StreetTalk: Weak Dollar Could Give Foreign Biopharms a Boost — but Hold US Firms in Check

The decline of the US dollar could affect the US economy in a dramatic way
Mar 01, 2005
Volume 18, Issue 3

Brian O'Connell
I've heard that economics forecasting is an occupation that gives astrology respectability. But even economists are right to lament the direction of the US dollar. Although it has stabilized of late, the dollar's performance over the past few years has been sorry, indeed. The ramifications of said performance could be huge for American industry - including the biopharm market, which must fend off more overseas competitors than most industries.

Yes, I know. The US dollar is the most widely held financial asset in the world. But it is also the most dangerously overvalued asset in the world — and one of the worst performing.

We've seen the bottom dropping out of the US currency for more than a year now. In late 2004, the dollar hit an all-time low against the euro. It dropped 36 percent from its high four years ago and is down a whopping 93 percent in the last 61 years. As a result, the US current account deficit — the broadest measure of foreign trade — has risen to nearly $600 billion, or around six percent of gross domestic product, as Americans buy more from overseas than US businesses can export. Questionable decisions on interest rates from the Federal Reserve, record high oil prices, and the uncertainty over the war in Iraq has sent the dollar on a downward spiral.

FOREIGN INTERVENTION KEEPING DOLLAR AFLOAT Worse, the US dollar is no longer backed by gold or silver or anything else for that matter. The only thing backing it today is the "full faith and credit" of the US government.

The trouble is that the US government now has over $7.4 trillion in outstanding debt ... trillions more in "off-balance sheet" obligations (like Social Security and Medicare) ... and it's adding to its unproductive debt at the rate of more than $1 billion a day.

At the same time, foreign central banks and investors have kept the dollar afloat over the last few years. Foreign governments like China and South Korea have purchased nearly a quarter of our national debt. But our latest indicators show that overseas investors are beginning to offload US government bonds.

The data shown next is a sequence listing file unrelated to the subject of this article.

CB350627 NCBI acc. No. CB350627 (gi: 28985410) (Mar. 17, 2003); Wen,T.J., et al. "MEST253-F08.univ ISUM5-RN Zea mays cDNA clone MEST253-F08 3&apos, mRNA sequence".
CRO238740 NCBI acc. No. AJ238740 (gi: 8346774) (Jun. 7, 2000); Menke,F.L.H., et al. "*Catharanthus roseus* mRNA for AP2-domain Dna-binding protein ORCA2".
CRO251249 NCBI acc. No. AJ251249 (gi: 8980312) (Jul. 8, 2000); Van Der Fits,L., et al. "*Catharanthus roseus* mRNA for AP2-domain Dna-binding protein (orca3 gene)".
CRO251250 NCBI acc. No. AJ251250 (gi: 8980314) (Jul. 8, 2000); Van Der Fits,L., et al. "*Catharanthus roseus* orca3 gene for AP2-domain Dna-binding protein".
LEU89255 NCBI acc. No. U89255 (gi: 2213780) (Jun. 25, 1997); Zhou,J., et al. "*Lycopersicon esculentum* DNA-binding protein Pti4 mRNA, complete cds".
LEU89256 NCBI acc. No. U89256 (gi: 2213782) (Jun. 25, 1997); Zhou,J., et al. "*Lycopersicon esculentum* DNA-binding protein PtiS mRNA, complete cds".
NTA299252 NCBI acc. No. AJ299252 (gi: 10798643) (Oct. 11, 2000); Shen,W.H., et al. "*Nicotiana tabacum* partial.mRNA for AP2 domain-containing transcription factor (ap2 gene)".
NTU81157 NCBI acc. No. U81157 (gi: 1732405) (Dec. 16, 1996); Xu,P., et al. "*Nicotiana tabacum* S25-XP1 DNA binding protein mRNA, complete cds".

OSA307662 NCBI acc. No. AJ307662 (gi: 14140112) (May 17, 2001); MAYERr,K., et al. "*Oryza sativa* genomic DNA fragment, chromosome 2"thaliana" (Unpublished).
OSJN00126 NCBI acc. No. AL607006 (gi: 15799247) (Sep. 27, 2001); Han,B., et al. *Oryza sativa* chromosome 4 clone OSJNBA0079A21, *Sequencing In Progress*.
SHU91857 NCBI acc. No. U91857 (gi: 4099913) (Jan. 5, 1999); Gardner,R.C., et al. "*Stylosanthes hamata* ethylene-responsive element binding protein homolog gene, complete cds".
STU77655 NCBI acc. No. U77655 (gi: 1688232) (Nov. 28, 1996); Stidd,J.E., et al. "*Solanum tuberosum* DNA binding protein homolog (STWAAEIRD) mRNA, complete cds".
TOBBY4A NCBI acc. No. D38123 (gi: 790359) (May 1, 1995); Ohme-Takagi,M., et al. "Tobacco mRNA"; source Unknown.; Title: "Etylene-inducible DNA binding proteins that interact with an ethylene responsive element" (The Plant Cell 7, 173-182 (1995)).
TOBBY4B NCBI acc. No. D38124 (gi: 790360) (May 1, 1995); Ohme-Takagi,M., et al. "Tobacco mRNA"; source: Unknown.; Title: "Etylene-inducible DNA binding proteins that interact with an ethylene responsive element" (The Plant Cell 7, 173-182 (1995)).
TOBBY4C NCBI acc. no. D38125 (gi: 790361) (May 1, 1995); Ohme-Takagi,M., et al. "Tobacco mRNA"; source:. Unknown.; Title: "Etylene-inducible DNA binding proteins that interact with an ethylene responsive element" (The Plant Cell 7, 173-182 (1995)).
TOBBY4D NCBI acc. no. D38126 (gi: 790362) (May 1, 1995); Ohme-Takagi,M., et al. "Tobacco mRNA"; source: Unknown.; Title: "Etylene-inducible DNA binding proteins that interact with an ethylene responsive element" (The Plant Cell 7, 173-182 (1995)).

As foreigners see a US twin deficit (fiscal and trade) climbing over the $1 trillion mark a year, and national debt on track to hit $10 trillion in the next two years, their appetite for dollars (and dollar debt) seems to be abating. And this is placing a groaning burden on the dollar.

The next major down leg of the dollar, in fact, has already begun. In the last three years, dating back from December 30, 2004, it's down 32 percent against the euro, 25 percent against the pound, 33 percent against the Swiss franc, and 23 percent, 34 percent, and 44 percent against the Canadian, Australian, and New Zealand dollars.

But if you still think this is only a concern for currency traders and tour operators, think again:

  • Dollar devaluation in the 1930s coincided with the biggest bear market in history.
  • After the US went off the gold standard in the '70s, a 10-year bear market followed.
  • The Crash of '87 was preceded by a 35 percent devaluation of the dollar against major currencies in the previous 18 months.
  • The current fall of the dollar has already coincided with the biggest US stock market crash since 1929.

WHY WORRY? In short, a sustained decline of the US dollar could affect the value of US stocks, bonds, and real estate in a dramatic way. Even in the biopharm market, a weak US dollar could pave the way for higher interest rates (we're already seeing some of that), more expensive research and production borrowing costs, and a real disadvantage for US companies battling their overseas counterparts in this new global economy everyone is talking about.

But it's the stock market that worries me the most. The US stock market, that is.

lorem ipsum